Last year, flooding in Nigeria, Africa’s most populous country engulfed nearly the whole country affecting more than 31 out of 36 states in the country.
The floods, caused by unusual rainfalls and climate changes are not peculiar to just Nigeria. It’s estimated that flooding affects more than 250 million people globally each year and causes around $10 billion in economic damages.
In a bid to curtail the effect of climate change and flooding globally, Google has expanded its flood forecasting capabilities to 80 countries. The company's Flood Hub platform now covers territories across Africa, the Asia-Pacific region, Europe, and South and Central America, encompassing 460 million people globally.
Google's Flood Hub platform provides governments, aid organizations, and individuals with timely and locally relevant flood data and forecasts. This information can be used to take proactive measures and prepare for riverine floods up to seven days in advance.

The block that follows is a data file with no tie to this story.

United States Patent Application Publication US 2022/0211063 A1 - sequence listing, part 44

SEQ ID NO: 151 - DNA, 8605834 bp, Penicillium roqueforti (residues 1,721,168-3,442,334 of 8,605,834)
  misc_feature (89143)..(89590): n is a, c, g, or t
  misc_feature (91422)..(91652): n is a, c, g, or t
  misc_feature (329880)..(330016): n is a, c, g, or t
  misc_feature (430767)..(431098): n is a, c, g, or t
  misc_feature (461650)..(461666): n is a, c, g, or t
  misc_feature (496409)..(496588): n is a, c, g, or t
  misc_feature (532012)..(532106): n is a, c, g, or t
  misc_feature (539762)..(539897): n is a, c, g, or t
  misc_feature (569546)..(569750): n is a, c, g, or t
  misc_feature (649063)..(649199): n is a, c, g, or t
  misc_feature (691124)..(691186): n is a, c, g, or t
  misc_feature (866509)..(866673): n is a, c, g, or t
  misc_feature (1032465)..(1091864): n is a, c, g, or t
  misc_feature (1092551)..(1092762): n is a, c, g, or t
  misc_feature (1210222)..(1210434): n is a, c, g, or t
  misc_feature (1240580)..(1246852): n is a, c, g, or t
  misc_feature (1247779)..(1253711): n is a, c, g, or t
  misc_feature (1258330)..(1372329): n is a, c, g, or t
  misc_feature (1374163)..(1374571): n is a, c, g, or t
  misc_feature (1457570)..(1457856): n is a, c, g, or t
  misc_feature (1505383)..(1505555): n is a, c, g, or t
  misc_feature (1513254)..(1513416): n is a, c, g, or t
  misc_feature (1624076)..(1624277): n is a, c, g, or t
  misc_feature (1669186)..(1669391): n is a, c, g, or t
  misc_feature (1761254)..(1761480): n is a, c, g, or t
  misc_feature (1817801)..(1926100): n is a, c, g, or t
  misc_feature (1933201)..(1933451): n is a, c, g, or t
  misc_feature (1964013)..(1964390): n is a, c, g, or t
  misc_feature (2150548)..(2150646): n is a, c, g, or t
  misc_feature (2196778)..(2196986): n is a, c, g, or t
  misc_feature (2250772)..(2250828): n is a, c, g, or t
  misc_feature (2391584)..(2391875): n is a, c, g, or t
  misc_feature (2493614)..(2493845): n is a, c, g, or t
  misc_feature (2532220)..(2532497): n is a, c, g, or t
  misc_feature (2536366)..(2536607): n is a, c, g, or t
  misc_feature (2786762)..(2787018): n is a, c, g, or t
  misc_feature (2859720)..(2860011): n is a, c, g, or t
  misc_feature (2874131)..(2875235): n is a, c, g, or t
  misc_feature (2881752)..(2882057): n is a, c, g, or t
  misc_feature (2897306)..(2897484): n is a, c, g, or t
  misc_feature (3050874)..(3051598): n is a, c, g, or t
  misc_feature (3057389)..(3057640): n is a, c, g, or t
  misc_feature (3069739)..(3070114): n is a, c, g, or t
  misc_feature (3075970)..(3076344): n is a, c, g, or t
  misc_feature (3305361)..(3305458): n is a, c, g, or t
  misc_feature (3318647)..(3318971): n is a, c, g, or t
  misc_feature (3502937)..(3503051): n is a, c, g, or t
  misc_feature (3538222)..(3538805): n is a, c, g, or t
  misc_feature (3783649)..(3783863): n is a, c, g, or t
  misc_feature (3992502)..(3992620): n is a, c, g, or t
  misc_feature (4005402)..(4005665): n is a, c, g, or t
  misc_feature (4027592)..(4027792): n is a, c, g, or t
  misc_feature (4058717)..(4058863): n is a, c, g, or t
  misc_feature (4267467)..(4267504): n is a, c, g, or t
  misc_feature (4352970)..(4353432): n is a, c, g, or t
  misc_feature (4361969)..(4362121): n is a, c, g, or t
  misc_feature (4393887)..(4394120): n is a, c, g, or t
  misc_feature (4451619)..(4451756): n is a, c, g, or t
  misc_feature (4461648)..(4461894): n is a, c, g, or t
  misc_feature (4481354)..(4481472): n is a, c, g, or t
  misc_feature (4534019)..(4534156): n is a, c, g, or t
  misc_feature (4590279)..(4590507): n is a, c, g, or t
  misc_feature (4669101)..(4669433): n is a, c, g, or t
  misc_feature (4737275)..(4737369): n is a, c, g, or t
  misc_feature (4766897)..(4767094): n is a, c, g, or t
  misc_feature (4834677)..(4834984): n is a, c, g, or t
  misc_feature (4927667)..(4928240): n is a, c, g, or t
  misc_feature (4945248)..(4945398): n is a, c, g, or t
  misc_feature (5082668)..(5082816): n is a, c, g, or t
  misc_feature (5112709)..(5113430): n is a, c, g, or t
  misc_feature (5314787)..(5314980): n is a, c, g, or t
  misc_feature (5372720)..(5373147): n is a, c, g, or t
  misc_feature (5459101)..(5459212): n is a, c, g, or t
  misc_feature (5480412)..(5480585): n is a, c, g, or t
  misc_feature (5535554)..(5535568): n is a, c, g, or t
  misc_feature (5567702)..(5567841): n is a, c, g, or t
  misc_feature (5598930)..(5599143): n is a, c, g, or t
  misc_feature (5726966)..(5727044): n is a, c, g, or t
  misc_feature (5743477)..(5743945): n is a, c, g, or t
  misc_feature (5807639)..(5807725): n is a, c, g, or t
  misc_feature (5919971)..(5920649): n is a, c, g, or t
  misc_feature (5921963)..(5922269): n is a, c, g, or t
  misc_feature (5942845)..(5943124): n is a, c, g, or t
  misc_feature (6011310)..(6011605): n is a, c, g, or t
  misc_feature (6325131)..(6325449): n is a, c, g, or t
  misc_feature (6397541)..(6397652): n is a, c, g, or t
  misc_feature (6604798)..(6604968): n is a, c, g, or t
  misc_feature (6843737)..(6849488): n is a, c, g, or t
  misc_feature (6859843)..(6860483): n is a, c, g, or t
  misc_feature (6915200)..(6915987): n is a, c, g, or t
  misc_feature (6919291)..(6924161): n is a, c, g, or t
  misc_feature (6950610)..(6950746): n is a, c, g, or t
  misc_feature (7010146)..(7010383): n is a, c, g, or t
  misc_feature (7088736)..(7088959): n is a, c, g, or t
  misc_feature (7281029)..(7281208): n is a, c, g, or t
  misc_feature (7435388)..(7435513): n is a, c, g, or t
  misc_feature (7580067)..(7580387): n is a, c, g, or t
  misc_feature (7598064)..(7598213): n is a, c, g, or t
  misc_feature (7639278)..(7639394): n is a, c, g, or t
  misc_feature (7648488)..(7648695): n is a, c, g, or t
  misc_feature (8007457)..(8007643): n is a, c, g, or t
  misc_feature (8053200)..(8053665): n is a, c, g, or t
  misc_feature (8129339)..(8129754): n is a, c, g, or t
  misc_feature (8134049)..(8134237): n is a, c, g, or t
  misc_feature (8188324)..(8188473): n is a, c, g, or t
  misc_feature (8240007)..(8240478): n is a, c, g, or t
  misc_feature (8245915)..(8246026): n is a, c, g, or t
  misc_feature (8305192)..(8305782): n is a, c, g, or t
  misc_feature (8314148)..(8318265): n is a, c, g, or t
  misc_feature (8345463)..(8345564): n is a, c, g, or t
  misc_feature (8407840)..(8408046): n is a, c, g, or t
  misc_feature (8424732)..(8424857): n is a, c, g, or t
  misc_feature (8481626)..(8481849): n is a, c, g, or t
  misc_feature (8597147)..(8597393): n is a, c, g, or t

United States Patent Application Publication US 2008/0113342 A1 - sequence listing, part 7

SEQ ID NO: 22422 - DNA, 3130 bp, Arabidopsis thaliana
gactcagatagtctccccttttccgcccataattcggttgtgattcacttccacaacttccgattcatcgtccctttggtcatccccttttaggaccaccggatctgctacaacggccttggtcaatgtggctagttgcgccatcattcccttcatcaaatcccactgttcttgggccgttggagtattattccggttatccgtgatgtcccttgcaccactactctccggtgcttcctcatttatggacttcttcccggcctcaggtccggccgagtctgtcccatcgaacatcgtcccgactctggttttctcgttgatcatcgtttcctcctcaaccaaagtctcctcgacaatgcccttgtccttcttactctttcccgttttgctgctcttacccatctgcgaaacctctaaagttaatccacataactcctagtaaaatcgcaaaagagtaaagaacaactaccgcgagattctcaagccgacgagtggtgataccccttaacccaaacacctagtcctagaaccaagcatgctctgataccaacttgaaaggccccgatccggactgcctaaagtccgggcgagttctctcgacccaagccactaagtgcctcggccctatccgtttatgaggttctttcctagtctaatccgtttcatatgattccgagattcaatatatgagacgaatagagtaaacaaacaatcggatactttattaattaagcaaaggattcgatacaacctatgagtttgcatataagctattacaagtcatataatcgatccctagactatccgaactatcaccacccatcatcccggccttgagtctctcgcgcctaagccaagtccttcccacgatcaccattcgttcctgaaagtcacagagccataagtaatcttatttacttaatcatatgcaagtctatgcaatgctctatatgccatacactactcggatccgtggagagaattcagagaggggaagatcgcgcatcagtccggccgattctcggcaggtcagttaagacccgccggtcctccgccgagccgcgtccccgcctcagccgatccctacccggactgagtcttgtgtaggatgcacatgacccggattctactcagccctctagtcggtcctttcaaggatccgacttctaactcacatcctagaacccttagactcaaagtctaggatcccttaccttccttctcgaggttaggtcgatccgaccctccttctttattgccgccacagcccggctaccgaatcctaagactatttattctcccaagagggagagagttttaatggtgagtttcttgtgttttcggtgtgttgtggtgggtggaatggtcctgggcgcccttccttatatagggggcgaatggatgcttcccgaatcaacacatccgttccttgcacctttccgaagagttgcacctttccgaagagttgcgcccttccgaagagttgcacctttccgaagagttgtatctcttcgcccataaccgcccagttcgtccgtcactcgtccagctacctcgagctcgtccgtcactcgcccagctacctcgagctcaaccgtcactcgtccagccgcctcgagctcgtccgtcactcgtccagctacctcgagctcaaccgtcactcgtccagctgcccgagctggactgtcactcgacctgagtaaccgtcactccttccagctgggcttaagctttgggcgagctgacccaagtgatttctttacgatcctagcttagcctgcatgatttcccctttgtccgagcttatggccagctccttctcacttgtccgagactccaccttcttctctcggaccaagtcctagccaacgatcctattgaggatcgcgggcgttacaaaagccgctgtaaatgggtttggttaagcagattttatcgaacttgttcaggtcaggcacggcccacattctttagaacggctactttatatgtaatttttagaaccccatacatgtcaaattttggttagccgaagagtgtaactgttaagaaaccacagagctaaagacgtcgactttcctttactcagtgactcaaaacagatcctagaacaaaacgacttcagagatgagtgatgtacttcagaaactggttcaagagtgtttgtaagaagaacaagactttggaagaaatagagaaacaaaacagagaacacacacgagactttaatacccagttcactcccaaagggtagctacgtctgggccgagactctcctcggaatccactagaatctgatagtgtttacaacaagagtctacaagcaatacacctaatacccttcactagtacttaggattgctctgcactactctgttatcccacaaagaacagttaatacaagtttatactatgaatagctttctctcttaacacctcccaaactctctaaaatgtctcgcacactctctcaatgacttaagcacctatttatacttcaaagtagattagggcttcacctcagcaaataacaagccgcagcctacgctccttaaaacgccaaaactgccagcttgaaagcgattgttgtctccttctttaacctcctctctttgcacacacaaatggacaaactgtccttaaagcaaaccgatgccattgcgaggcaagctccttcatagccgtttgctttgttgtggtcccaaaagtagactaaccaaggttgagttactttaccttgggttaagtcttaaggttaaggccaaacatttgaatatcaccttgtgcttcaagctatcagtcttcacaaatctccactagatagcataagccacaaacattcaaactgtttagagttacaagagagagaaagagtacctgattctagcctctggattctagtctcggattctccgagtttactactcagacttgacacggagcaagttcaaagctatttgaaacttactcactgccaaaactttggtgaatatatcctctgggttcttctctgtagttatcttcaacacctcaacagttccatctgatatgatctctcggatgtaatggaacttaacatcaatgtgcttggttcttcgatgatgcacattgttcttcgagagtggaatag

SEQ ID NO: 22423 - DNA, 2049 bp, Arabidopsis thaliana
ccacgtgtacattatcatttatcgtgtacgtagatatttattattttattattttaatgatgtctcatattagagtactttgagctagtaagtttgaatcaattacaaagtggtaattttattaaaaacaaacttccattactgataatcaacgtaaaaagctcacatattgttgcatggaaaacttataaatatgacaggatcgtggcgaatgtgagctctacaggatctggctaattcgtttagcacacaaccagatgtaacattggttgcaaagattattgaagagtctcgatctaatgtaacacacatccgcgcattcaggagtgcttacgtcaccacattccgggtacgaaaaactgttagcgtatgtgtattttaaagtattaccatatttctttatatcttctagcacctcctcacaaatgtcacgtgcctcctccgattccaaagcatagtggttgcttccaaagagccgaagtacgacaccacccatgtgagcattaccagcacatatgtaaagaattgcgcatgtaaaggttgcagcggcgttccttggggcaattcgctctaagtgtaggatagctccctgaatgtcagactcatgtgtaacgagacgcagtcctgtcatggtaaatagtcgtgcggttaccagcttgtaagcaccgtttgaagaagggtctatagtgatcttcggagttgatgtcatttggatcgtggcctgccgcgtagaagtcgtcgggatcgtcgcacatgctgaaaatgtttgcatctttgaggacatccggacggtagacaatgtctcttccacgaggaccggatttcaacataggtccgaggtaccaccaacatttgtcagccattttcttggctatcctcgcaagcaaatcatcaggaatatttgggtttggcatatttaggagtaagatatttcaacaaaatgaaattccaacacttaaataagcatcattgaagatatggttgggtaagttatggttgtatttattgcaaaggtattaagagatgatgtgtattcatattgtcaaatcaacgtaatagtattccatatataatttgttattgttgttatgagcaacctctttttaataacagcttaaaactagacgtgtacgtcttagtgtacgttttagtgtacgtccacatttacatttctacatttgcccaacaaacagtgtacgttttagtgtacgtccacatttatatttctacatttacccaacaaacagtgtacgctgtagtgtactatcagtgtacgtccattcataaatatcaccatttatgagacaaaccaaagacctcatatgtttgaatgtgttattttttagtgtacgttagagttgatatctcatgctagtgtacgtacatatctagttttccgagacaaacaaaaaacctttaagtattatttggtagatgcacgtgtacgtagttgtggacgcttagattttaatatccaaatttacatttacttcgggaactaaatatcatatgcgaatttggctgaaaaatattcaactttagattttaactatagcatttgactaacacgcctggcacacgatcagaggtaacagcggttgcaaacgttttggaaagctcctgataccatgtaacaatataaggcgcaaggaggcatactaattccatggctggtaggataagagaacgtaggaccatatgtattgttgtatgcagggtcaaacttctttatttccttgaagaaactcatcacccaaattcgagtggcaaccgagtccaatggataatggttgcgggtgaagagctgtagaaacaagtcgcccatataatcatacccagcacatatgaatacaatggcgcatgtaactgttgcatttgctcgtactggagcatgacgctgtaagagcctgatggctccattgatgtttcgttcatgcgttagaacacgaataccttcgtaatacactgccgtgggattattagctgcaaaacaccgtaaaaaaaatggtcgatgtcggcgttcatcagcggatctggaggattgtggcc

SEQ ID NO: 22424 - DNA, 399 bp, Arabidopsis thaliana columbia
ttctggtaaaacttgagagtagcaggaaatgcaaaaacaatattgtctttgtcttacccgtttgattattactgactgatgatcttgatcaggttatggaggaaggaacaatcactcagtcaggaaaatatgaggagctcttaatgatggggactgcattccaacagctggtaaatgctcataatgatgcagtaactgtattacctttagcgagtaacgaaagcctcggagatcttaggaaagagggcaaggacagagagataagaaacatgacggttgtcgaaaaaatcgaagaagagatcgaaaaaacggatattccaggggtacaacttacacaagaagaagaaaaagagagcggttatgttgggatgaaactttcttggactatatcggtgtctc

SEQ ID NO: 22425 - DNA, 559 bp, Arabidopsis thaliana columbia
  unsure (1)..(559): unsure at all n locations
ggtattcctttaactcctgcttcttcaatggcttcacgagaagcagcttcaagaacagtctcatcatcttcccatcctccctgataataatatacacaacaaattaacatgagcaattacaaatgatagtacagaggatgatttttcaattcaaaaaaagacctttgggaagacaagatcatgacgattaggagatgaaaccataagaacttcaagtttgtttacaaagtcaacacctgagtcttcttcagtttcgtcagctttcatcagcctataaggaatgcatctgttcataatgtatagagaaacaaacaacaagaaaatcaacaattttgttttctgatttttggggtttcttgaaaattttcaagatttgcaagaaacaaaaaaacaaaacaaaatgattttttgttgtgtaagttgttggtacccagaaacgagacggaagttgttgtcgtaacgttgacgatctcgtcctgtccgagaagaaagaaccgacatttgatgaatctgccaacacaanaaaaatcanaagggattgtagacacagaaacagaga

In addition to providing online access, Google.org collaborates with organizations like the Federation of Red Cross and Red Crescent Societies and the Indian Red Cross Society to establish offline alerting networks in communities vulnerable to floods, the tech giant said in a blog post.
These networks, operated by trained and incentivized community volunteers, amplify Flood Hub's warnings, ensuring that even those without internet access or smartphones receive crucial flood alerts. Google's efforts to help communities prepare for and respond to flooding are part of its Crisis Response initiative.